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Ninth of Av (Tisha b'Av) Study Session


Sex, Politics and Spirituality:
A Interactive and Interpretative Reading of Eichah

(the biblical Book of Lamentations)
Reading of Eichah
Monday evening, July 26, 8:30 pm
For details, please contact Kinot Speaker: Marsha B. Cohen
(Please bring a TaNaKh if you can.)

Tisha b'Av marks the culmination of a 3 week period of national soul-searching, which begins on the 17th of Tammuz and intensifies during the first nine days of Av. Numerous tragic events afflicting the Jewish people throughout the centuries are telescoped into this day of mourning, self-denial and introspection. The 9th of Av is the only Jewish fast day, besides Yom Kippur, that begins at sunset of the previous day and ends after sundown 25 hours later. Even the study of Torah is prohibited on Tisha b'Av, except for passages which deal with the destruction of Jerusalem and other tragic events.

More about Tisha b'Av Customs

A brief geopolitical overview of the Middle East between Israelite conquest of the land of Canaan (1300-1100 BCE) until the rise of Babylonia to superpower status(around 600 BCE): The small Jewish state, sandwiched between Egypt to the south and Assyria, Babylon, and Persia to the north, faced many difficult choices. At their core was the issue of how to respond to shifts in geopolitical power and superpower rivalry. Remain loyal to the existing imperial regime? Support the new rising hegemon? Play off the rival powers against each other? Seize the moment to assert independence and national sovereignty? The Prophets and Writings sections of the Bible offer many fascinating but little-read passages which refer to these debates.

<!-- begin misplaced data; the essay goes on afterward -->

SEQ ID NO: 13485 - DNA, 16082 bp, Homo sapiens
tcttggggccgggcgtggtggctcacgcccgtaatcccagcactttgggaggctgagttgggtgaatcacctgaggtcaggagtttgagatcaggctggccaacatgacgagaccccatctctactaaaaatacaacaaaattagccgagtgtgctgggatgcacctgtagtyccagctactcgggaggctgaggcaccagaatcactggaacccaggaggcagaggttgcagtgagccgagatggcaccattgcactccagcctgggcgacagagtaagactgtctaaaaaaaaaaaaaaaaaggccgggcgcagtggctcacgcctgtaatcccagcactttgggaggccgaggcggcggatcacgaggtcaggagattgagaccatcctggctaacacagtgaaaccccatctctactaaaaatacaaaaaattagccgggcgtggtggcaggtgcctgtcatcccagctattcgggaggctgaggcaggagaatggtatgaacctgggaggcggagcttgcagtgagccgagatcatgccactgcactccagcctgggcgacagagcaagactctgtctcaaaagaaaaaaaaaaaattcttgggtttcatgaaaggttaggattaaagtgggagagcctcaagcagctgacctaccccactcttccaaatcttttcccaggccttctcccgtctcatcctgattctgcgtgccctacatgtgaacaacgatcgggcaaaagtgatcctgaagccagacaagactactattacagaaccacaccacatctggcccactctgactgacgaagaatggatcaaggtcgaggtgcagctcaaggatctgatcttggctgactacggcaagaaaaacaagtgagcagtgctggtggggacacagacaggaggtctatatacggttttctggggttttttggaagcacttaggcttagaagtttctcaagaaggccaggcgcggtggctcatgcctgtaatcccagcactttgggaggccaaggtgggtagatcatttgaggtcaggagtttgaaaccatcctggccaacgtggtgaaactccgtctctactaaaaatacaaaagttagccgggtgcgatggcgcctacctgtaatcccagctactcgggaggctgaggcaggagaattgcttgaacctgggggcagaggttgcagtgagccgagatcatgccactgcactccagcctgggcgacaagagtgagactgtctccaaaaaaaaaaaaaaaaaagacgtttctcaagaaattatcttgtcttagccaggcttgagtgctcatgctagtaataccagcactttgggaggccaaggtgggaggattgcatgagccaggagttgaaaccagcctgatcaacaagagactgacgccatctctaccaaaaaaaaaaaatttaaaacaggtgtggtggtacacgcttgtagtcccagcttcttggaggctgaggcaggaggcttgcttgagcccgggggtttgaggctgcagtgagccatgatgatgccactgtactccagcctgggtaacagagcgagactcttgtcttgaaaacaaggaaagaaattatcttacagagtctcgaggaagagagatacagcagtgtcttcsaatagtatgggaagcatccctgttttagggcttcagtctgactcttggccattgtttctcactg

Five tightly structured poems make up Eichah, a poignant, poetic testimony to the ravages of political intrigue and war. Judea, the "daughter of Zion," is depicted in somewhat contradictory sexual terms as a mourning widow, an unfaithful wife abandoned by her lovers, the victim of an abusive husband, a grieving mother, a despoiled virgin. The Babylonian conquest of Judea, which began in 597 BCE, leaps from the geopolitical setting of foreign policy choices into an eschatological religious drama of exile and return.

What insights can each of these perspectives offer us today? Should we continue to mourn now that we have the State of Israel and Jerusalem has been rebuilt? Can contemporary Jews find personal meaning in Tisha b'Av rituals?

Happy Birthday, Uncle Irving: A D'var Torah for Tisha b'Av.

Learn more about Tisha b'Av.


Click here for Marsha B. Cohen's "Jewish Personal Training" Website